Snyk Open Source-specific CI/CD strategies

These strategies are useful to teams using the Snyk SCA (Software Composition Analysis) testing features.

Use CLI flags like --fail-on and --severity-threshold to customize the failure status for the build task. For more advanced usage, you can use the --json option to generate a JSON file containing the full vulnerability report and set your own build failure status based on the JSON data.

Gradle and Scala

  • For "multi-project" configurations, test all sub-projects. Use this option with the monitor or test command: --all-sub-projects.

  • To scan specific configurations, select certain values of configuration attributes to resolve the dependencies. Use this option with the test or monitor command: --configuration-attributes=.


  • Snyk uses Python to scan and find your dependencies. Snyk needs the Python version to start scanning and defaults to python. If you are using multiple Python versions, use the --command= option with the test or monitor command to specify the correct Python command for execution. An example follows: snyk test --command=python3

  • The file must be targeted. Use the command snyk test

  • If you scan a Pip Project and use the --file= option because your manifest file is not the standard requirements.txt, you must use the following option to specify Pip as the package manager --package-manager=pip.


If you use a .sln file, you can specify the path to the file, and Snyk scans all the sub-projects that are part of the repo, for example:

snyk test --file=sln/.sln


For Yarn workspaces, use the --yarn-workspaces option to test and monitor your packages. The root lockfile will be referenced for scans of all the packages. Use the --detection-depth option to find sub-folders that are not auto-discovered by default.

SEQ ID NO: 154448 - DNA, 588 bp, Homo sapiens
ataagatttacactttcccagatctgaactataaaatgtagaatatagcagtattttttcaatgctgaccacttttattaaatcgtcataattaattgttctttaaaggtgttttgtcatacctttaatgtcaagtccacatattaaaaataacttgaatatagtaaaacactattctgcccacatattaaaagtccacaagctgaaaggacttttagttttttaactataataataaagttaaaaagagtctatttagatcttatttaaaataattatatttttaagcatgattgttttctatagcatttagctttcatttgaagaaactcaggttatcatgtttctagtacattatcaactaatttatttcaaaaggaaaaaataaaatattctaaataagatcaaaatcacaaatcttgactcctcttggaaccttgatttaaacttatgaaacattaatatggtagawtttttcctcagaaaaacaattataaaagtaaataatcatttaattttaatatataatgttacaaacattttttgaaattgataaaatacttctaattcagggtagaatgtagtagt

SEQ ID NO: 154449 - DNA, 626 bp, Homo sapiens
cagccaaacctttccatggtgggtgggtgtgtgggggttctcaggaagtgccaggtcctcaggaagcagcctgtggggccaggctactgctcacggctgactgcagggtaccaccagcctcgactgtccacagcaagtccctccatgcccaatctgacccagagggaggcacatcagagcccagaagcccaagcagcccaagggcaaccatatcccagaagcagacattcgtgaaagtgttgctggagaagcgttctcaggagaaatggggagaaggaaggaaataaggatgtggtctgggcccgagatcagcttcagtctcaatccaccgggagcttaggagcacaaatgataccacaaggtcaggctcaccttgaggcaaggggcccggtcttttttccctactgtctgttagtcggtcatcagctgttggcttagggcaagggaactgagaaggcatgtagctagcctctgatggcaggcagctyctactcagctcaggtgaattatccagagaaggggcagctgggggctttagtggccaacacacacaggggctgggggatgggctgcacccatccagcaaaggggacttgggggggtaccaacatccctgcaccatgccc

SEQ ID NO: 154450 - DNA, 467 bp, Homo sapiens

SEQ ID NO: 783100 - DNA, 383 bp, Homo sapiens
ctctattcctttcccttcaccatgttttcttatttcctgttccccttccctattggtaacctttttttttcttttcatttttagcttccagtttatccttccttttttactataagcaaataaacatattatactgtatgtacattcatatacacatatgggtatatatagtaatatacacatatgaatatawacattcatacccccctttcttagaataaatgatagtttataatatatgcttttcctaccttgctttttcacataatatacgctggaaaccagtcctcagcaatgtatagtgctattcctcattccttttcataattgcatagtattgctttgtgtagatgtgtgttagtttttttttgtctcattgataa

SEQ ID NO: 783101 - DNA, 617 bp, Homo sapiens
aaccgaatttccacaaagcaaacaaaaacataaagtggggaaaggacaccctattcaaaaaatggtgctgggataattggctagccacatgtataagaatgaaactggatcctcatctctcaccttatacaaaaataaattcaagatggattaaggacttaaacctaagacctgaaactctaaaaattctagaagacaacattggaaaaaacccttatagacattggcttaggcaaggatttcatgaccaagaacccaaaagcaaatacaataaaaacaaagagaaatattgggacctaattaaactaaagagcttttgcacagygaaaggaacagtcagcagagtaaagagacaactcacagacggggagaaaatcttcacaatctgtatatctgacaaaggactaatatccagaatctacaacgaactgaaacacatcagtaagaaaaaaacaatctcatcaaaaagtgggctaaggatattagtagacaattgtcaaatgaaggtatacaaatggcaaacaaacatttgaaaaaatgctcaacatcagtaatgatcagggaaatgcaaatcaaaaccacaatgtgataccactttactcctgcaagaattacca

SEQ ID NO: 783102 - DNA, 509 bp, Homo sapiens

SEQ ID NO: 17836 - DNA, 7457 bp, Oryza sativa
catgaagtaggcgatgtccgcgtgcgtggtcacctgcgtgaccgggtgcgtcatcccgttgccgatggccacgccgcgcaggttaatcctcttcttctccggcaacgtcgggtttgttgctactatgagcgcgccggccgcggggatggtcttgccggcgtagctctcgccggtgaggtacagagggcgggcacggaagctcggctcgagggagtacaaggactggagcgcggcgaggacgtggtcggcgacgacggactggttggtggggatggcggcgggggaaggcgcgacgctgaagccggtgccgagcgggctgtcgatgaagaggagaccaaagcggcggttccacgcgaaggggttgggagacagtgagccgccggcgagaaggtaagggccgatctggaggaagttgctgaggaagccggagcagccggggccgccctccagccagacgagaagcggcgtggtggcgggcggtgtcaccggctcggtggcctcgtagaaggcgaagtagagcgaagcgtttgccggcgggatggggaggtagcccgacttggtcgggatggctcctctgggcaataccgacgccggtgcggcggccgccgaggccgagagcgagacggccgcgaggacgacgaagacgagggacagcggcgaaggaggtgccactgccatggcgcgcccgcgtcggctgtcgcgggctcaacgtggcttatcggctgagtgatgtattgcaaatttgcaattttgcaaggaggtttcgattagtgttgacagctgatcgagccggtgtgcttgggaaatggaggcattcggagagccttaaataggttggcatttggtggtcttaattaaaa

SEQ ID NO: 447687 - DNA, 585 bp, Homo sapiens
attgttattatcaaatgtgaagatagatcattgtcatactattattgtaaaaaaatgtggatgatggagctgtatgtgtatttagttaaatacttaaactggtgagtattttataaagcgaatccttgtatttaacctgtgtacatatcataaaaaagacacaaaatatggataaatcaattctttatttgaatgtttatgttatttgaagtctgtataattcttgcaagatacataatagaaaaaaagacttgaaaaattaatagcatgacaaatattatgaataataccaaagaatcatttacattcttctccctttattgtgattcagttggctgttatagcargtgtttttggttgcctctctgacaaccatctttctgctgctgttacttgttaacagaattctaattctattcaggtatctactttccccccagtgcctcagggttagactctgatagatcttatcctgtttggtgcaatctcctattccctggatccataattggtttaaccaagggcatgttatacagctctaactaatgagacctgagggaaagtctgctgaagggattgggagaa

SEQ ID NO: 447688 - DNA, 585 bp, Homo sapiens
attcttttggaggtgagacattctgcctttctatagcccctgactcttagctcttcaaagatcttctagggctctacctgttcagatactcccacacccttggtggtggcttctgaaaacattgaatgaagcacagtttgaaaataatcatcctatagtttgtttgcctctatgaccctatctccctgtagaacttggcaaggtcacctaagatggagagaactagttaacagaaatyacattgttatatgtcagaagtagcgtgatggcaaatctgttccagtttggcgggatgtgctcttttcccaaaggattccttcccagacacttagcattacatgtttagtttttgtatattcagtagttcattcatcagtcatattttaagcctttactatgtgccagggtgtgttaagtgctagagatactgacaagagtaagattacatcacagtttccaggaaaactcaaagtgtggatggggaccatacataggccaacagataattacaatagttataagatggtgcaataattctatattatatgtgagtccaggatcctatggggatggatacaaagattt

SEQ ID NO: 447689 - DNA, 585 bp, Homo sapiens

Support for Yarn workspaces is available for the snyk test and snyk monitor commands only.

An example command follows to scan only the packages that belong to any discovered workspaces in the current directory and five sub-directories deep.

snyk test --yarn-workspaces --detection-depth=6

You can use a common .snyk policy file if you maintain ignores and patches in one place to be applied for all detected workspaces by providing the policy path as follows:

snyk test --yarn-workspaces --policy-path=src/.snyk


Some customers have complex Projects, with multiple languages, package managers, and Projects in a single repository. To facilitate this, you can take different approaches:

  • As you build each Project and language, add a directive to run snyk test and target a specific Project file, for example:

    snyk test --file=package.json
  • After you install the dependencies of each Project, make a similar call pointing to the specific artifact, such as pom.xml. This is fast and efficient but can be difficult to scale, especially if you are not familiar with the Project.

  • For most Gradle Projects, using --all-projects works as it invokes Gradle-specific options behind the scenes in the form of: snyk test --file=build.gradle --all-sub-projects when it finds the build file as part of the --all-projects search.

  • Gradle may require additional configuration parameters. If so, target the other artifacts by using --file= for each manifest in the other languages and package managers. You must then use --all-sub-projects and potentially --configuration-matching to scan a complex Gradle Project.

See Java and Kotlin for more information.

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